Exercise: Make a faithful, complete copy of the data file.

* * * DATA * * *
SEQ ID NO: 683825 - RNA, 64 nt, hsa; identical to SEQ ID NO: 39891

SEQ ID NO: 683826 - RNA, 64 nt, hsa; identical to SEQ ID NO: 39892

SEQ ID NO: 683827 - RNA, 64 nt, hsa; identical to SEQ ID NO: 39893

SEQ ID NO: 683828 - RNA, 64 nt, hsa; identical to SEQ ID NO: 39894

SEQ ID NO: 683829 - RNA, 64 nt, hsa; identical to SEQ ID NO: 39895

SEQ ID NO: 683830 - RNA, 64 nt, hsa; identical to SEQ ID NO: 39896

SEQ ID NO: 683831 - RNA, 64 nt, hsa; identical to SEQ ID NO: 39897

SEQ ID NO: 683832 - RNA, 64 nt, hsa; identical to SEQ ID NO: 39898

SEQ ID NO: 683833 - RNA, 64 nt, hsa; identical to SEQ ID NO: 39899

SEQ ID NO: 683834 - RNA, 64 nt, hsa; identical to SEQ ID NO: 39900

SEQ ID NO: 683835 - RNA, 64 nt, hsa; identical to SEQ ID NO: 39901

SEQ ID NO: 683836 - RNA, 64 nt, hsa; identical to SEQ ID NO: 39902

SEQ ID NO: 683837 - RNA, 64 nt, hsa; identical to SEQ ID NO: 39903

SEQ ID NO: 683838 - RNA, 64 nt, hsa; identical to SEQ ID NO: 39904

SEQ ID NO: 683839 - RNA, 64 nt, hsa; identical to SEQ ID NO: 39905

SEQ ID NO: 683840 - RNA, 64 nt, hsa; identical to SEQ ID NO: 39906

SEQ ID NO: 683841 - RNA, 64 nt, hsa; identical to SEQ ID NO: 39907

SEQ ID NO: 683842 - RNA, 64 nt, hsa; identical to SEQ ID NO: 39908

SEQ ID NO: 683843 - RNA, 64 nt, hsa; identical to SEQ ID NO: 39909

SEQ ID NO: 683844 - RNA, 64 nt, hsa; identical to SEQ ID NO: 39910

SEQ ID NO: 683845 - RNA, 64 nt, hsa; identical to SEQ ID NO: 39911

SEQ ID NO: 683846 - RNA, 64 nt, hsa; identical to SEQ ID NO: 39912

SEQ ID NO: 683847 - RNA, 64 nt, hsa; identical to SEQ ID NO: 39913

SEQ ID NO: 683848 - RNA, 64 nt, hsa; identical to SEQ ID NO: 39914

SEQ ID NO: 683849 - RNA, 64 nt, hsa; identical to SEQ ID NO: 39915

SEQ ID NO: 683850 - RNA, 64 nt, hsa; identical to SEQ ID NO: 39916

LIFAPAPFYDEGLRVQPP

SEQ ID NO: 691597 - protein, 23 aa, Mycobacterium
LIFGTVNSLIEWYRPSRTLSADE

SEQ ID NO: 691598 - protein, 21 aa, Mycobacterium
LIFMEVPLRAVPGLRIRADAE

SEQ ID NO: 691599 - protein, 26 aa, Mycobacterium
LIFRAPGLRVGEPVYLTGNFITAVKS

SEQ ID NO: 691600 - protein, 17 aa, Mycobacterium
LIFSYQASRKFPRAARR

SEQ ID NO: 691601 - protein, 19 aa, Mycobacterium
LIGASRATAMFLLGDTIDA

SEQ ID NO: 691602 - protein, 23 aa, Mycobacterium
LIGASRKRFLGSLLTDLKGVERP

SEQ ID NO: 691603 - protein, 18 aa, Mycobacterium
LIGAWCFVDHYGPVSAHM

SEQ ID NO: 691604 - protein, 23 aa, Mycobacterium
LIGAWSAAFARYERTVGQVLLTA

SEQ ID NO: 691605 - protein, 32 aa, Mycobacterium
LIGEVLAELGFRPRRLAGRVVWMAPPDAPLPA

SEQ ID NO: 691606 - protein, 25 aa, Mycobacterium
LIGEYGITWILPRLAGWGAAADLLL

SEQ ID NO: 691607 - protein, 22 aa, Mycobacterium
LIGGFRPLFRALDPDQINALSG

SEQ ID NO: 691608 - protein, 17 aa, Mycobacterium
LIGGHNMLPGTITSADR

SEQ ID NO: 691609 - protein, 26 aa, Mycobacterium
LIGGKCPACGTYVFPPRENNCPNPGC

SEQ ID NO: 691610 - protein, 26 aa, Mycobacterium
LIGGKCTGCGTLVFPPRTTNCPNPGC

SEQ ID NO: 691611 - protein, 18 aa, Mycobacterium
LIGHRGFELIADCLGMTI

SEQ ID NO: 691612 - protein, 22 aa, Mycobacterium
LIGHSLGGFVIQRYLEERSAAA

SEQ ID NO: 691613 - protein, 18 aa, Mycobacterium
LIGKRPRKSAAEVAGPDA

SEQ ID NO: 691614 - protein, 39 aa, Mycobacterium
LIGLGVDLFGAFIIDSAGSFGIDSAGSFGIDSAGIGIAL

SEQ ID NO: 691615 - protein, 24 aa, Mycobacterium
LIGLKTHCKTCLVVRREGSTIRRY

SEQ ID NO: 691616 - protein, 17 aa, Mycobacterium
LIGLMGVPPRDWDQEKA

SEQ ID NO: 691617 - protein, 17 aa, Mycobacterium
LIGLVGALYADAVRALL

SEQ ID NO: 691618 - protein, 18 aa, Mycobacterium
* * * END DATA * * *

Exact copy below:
SEQ ID NO: 683825 - RNA, 64 nt, hsa; identical to SEQ ID NO: 39891

SEQ ID NO: 683826 - RNA, 64 nt, hsa; identical to SEQ ID NO: 39892

SEQ ID NO: 683827 - RNA, 64 nt, hsa; identical to SEQ ID NO: 39893

SEQ ID NO: 683828 - RNA, 64 nt, hsa; identical to SEQ ID NO: 39894

SEQ ID NO: 683829 - RNA, 64 nt, hsa; identical to SEQ ID NO: 39895

SEQ ID NO: 683830 - RNA, 64 nt, hsa; identical to SEQ ID NO: 39896

SEQ ID NO: 683831 - RNA, 64 nt, hsa; identical to SEQ ID NO: 39897

SEQ ID NO: 683832 - RNA, 64 nt, hsa; identical to SEQ ID NO: 39898

SEQ ID NO: 683833 - RNA, 64 nt, hsa; identical to SEQ ID NO: 39899

SEQ ID NO: 683834 - RNA, 64 nt, hsa; identical to SEQ ID NO: 39900

SEQ ID NO: 683835 - RNA, 64 nt, hsa; identical to SEQ ID NO: 39901

SEQ ID NO: 683836 - RNA, 64 nt, hsa; identical to SEQ ID NO: 39902

SEQ ID NO: 683837 - RNA, 64 nt, hsa; identical to SEQ ID NO: 39903

SEQ ID NO: 683838 - RNA, 64 nt, hsa; identical to SEQ ID NO: 39904

SEQ ID NO: 683839 - RNA, 64 nt, hsa; identical to SEQ ID NO: 39905

SEQ ID NO: 683840 - RNA, 64 nt, hsa; identical to SEQ ID NO: 39906

SEQ ID NO: 683841 - RNA, 64 nt, hsa; identical to SEQ ID NO: 39907

SEQ ID NO: 683842 - RNA, 64 nt, hsa; identical to SEQ ID NO: 39908

SEQ ID NO: 683843 - RNA, 64 nt, hsa; identical to SEQ ID NO: 39909

SEQ ID NO: 683844 - RNA, 64 nt, hsa; identical to SEQ ID NO: 39910

SEQ ID NO: 683845 - RNA, 64 nt, hsa; identical to SEQ ID NO: 39911

SEQ ID NO: 683846 - RNA, 64 nt, hsa; identical to SEQ ID NO: 39912

SEQ ID NO: 683847 - RNA, 64 nt, hsa; identical to SEQ ID NO: 39913

SEQ ID NO: 683848 - RNA, 64 nt, hsa; identical to SEQ ID NO: 39914

SEQ ID NO: 683849 - RNA, 64 nt, hsa; identical to SEQ ID NO: 39915

SEQ ID NO: 683850 - RNA, 64 nt, hsa; identical to SEQ ID NO: 39916

LIFAPAPFYDEGLRVQPP

SEQ ID NO: 691597 - protein, 23 aa, Mycobacterium
LIFGTVNSLIEWYRPSRTLSADE

SEQ ID NO: 691598 - protein, 21 aa, Mycobacterium
LIFMEVPLRAVPGLRIRADAE

SEQ ID NO: 691599 - protein, 26 aa, Mycobacterium
LIFRAPGLRVGEPVYLTGNFITAVKS

SEQ ID NO: 691600 - protein, 17 aa, Mycobacterium
LIFSYQASRKFPRAARR

SEQ ID NO: 691601 - protein, 19 aa, Mycobacterium
LIGASRATAMFLLGDTIDA

SEQ ID NO: 691602 - protein, 23 aa, Mycobacterium
LIGASRKRFLGSLLTDLKGVERP

SEQ ID NO: 691603 - protein, 18 aa, Mycobacterium
LIGAWCFVDHYGPVSAHM

SEQ ID NO: 691604 - protein, 23 aa, Mycobacterium
LIGAWSAAFARYERTVGQVLLTA

SEQ ID NO: 691605 - protein, 32 aa, Mycobacterium
LIGEVLAELGFRPRRLAGRVVWMAPPDAPLPA

SEQ ID NO: 691606 - protein, 25 aa, Mycobacterium
LIGEYGITWILPRLAGWGAAADLLL

SEQ ID NO: 691607 - protein, 22 aa, Mycobacterium
LIGGFRPLFRALDPDQINALSG

SEQ ID NO: 691608 - protein, 17 aa, Mycobacterium
LIGGHNMLPGTITSADR

SEQ ID NO: 691609 - protein, 26 aa, Mycobacterium
LIGGKCPACGTYVFPPRENNCPNPGC

SEQ ID NO: 691610 - protein, 26 aa, Mycobacterium
LIGGKCTGCGTLVFPPRTTNCPNPGC

SEQ ID NO: 691611 - protein, 18 aa, Mycobacterium
LIGHRGFELIADCLGMTI

SEQ ID NO: 691612 - protein, 22 aa, Mycobacterium
LIGHSLGGFVIQRYLEERSAAA

SEQ ID NO: 691613 - protein, 18 aa, Mycobacterium
LIGKRPRKSAAEVAGPDA

SEQ ID NO: 691614 - protein, 39 aa, Mycobacterium
LIGLGVDLFGAFIIDSAGSFGIDSAGSFGIDSAGIGIAL

SEQ ID NO: 691615 - protein, 24 aa, Mycobacterium
LIGLKTHCKTCLVVRREGSTIRRY

SEQ ID NO: 691616 - protein, 17 aa, Mycobacterium
LIGLMGVPPRDWDQEKA

SEQ ID NO: 691617 - protein, 17 aa, Mycobacterium
LIGLVGALYADAVRALL

SEQ ID NO: 691618 - protein, 18 aa, Mycobacterium